How to monitor OPA Gatekeeper with Prometheus metrics

By Jorge Salamero Sanz - APRIL 23, 2020


In this blog post, we’re going to explain how to monitor Open Policy Agent (OPA) Gatekeeper with Prometheus metrics.

If you have deployed OPA Gatekeeper, monitoring this admission controller is as relevant as monitoring the rest of the Kubernetes control plane components, like APIserver, kubelet or controller-manager. If something breaks here, Kubernetes won’t deploy new pods in your cluster; and if it’s slow, your cluster scale performance will degrade. But let’s start from the beginning:

What is Open Policy Agent?

Open Policy Agent, OPA in short, is a general purpose policy engine. It uses a declarative language known as Rego and can be used to answer the following:

  • Admission control: Ensure only container images without vulnerabilities can be deployed
  • API authorization: Can user X perform operation Y on source Z?
  • SSH & sudo authorization: Only on-call team members can SSH into production
  • Data protection and data filtering

OPA has integrations with many cloud-native projects, including Kubernetes and Istio, or Sysdig. If you are looking at how to allow or deny scheduling pods based on image scanning results, check out our blog, performing image scanning on Admission Controller with OPA.

OPA Gatekeeper, a Kubernetes admission controller

Gatekeeper is a subproject of OPA that provides a customizable Kubernetes admission controller to audit and enforce policies such as what users can do in Kubernetes (at a more fine-grained level than RBAC), and ensure clusters are compliant with organization policies.

Gatekeeper embeds OPA constraint framework for policy evaluation. This allows you to compare objects in your Kubernetes against one another, create constraints (stored in CRD), and audit against them or create constraint templates to reuse things. We won’t get into the details of how Gatekeeper works, but a few key concepts you need to know in order to understand how to monitor Gatekeeper can be seen in the following request workflow:

  • The Kubernetes API server will trigger the Gatekeeper admission webhook to process the request (whenever an object is created, updated or deleted). The API server will respond based on the policy executed by OPA inside Gatekeeper.
  • A constraint or policy instance is a declaration of the desired object definition. These are written in Rego, OPA’s declarative policy language.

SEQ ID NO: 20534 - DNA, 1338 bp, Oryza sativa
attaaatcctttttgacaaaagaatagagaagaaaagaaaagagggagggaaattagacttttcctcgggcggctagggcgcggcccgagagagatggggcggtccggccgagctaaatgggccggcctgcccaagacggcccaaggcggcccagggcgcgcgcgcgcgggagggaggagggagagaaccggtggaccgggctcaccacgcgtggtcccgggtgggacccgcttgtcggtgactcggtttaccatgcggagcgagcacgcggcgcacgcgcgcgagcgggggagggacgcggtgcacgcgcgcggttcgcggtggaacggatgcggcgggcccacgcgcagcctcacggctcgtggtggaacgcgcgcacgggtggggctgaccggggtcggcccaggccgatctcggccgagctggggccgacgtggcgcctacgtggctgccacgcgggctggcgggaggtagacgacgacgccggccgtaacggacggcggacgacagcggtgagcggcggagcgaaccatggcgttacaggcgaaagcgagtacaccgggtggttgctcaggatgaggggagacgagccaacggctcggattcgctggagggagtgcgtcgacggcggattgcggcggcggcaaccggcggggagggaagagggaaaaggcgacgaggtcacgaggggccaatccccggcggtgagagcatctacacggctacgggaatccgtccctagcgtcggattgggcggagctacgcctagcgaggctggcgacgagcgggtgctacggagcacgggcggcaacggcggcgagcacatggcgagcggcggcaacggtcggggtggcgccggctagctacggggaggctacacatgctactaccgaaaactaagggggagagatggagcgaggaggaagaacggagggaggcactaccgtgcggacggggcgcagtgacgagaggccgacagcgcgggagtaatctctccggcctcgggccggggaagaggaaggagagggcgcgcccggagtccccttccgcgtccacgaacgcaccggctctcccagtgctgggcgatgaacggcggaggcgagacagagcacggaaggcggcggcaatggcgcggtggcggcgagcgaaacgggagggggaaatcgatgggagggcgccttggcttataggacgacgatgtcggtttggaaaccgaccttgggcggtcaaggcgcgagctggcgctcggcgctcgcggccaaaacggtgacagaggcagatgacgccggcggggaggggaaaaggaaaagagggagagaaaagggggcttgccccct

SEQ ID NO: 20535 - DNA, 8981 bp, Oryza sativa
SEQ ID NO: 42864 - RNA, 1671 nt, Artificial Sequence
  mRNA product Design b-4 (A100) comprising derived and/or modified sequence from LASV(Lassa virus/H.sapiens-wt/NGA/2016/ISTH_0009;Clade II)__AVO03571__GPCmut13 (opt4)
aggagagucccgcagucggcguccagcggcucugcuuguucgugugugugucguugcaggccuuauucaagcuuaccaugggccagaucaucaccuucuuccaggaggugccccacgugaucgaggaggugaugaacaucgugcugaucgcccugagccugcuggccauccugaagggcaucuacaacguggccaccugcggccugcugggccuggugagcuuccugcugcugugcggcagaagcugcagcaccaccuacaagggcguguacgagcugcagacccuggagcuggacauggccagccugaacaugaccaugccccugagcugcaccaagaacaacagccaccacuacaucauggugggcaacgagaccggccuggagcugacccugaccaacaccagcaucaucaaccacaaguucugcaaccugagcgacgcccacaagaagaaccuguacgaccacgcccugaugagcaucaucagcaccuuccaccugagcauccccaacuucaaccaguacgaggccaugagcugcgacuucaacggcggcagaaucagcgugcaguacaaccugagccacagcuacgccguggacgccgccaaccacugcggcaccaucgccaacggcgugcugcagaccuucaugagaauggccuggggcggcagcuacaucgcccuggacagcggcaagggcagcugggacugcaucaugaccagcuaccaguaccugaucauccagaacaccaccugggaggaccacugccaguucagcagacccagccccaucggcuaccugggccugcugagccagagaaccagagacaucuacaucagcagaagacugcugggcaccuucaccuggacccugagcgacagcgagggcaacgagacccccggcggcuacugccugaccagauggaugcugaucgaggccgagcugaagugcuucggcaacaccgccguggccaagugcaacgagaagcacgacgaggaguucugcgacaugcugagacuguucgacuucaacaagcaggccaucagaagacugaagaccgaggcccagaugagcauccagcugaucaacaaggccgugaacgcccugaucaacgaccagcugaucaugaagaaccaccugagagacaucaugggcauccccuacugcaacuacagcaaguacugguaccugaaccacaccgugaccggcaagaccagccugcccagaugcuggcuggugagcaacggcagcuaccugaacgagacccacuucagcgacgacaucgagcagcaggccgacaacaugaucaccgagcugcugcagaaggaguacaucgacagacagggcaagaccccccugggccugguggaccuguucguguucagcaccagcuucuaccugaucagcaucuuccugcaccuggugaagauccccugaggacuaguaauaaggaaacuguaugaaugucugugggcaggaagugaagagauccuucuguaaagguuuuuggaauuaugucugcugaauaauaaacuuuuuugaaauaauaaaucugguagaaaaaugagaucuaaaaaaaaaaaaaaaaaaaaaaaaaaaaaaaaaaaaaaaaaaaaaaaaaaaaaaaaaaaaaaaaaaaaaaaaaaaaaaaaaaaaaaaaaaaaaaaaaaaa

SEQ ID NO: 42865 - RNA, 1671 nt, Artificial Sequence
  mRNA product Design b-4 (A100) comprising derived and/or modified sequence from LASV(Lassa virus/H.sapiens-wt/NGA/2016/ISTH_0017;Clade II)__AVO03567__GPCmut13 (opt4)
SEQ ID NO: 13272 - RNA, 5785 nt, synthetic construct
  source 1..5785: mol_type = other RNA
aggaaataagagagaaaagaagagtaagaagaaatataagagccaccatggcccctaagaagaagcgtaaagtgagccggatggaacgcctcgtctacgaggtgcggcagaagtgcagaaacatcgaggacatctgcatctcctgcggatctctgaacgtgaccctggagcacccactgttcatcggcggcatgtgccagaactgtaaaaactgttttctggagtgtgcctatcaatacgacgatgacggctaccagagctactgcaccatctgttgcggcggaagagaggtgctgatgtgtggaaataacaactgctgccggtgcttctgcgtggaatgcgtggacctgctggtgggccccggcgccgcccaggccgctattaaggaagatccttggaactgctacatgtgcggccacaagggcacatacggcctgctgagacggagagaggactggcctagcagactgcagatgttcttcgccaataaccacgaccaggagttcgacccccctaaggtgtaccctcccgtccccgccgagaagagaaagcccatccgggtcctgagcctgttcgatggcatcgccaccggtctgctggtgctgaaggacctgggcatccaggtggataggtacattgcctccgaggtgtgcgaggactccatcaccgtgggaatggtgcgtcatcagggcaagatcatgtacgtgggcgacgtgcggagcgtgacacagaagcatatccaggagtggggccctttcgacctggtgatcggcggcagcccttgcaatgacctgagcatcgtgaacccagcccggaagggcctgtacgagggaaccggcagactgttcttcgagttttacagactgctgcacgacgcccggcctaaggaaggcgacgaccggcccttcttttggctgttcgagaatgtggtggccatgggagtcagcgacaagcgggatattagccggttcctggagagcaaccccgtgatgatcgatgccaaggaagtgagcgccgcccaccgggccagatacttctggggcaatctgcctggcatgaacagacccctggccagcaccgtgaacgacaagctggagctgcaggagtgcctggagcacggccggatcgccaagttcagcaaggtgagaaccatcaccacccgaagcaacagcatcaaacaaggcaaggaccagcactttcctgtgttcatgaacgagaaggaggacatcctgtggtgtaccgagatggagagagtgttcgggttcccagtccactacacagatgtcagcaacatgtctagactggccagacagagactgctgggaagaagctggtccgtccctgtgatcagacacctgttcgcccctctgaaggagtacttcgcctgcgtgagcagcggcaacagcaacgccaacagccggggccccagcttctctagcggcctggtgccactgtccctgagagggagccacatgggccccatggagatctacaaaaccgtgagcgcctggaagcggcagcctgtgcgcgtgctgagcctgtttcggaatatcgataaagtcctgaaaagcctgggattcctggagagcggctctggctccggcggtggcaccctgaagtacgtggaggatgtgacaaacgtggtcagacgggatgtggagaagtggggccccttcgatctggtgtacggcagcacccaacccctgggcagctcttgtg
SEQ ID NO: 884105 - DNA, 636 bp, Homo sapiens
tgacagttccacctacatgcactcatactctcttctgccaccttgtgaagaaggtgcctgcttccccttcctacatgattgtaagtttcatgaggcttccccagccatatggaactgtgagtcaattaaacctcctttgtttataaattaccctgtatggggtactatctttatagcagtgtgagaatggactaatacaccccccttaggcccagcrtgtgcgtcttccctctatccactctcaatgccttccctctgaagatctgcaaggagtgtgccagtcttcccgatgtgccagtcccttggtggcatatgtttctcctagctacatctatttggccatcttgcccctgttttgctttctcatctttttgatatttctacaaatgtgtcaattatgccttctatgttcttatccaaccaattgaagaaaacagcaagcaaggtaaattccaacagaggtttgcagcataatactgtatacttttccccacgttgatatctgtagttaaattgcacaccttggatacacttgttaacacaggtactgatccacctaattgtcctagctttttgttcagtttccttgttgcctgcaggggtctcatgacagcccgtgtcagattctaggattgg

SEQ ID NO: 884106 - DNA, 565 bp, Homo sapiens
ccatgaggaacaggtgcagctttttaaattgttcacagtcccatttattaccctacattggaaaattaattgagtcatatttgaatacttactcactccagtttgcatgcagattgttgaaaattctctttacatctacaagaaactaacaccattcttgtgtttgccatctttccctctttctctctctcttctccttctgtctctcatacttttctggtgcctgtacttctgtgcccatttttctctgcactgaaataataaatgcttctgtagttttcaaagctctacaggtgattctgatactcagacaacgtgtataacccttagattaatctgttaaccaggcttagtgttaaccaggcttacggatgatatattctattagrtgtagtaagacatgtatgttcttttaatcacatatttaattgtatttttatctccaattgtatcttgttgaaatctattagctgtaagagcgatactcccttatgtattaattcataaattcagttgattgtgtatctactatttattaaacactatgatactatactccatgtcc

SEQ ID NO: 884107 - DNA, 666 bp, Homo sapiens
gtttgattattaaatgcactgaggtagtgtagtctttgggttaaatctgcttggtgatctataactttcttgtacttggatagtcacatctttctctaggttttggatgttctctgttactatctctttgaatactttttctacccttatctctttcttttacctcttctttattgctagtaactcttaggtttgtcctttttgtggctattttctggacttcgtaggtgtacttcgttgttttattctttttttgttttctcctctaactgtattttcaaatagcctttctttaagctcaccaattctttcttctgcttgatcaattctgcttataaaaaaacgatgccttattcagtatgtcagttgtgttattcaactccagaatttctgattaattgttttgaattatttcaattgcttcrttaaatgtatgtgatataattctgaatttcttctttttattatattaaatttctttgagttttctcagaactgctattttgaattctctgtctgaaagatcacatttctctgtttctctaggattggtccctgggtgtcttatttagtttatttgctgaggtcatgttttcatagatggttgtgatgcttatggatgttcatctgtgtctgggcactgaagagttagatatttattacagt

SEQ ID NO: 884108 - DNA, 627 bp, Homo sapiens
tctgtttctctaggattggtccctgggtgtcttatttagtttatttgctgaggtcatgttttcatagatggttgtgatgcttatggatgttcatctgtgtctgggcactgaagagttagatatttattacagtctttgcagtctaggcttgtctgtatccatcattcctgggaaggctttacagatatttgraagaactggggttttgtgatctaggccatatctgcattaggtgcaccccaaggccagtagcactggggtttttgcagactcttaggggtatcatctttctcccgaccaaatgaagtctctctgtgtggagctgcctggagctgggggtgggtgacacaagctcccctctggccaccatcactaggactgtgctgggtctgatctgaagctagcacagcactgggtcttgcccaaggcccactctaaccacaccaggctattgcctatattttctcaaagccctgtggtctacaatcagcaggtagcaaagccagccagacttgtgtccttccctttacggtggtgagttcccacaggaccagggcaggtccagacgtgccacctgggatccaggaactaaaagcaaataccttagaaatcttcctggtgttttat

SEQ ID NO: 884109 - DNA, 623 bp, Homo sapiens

• A constraint template is required to declare a constraint. Each template describes the Rego evaluation logic and the schema for the constraint, including the CRD and the parameters passed into the constraint.
  • The audit functionality periodically evaluates objects against the constraints, detecting pre-existing configurations. Results are known as violations.

If you want to learn more about Gatekeeper, check out this Kubernetes blog or the project page.

Scraping Prometheus metrics from Gatekeeper

Gatekeeper exposes a Prometheus metrics endpoint to provide metrics for monitoring service health and performance. Open Policy Agent also exposes a metrics endpoint when running as a server, but since Gatekeeper embeds OPA and we don’t run it as a server, we won’t be using it.

When installing Gatekeeper, you must either edit the Gatekeeper controller manager deployment or the service with the appropriate annotations for Prometheus scraping:

% kubectl edit deploy gatekeeper-controller-manager -n gatekeeper-system
      annotations: runtime/default "8888" "true"

Then, if you have configured your Prometheus server or your Sysdig agent for Prometheus metric collection, you should be already ingesting your Gatekeeper metrics.

Open Policy Agent – OPA Gatekeeper dashboard

Sysdig provides an out-of-the-box Open Policy Agent (OPA) Gatekeeper dashboard for security monitoring your Kubernetes cluster.

You can also find our Gatekeeper dashboard in our Prometheus integrations catalog: PromCat, compatible for both Sysdig dashboards and Grafana. You might even use Grafana against Sysdig Prometheus API if you prefer.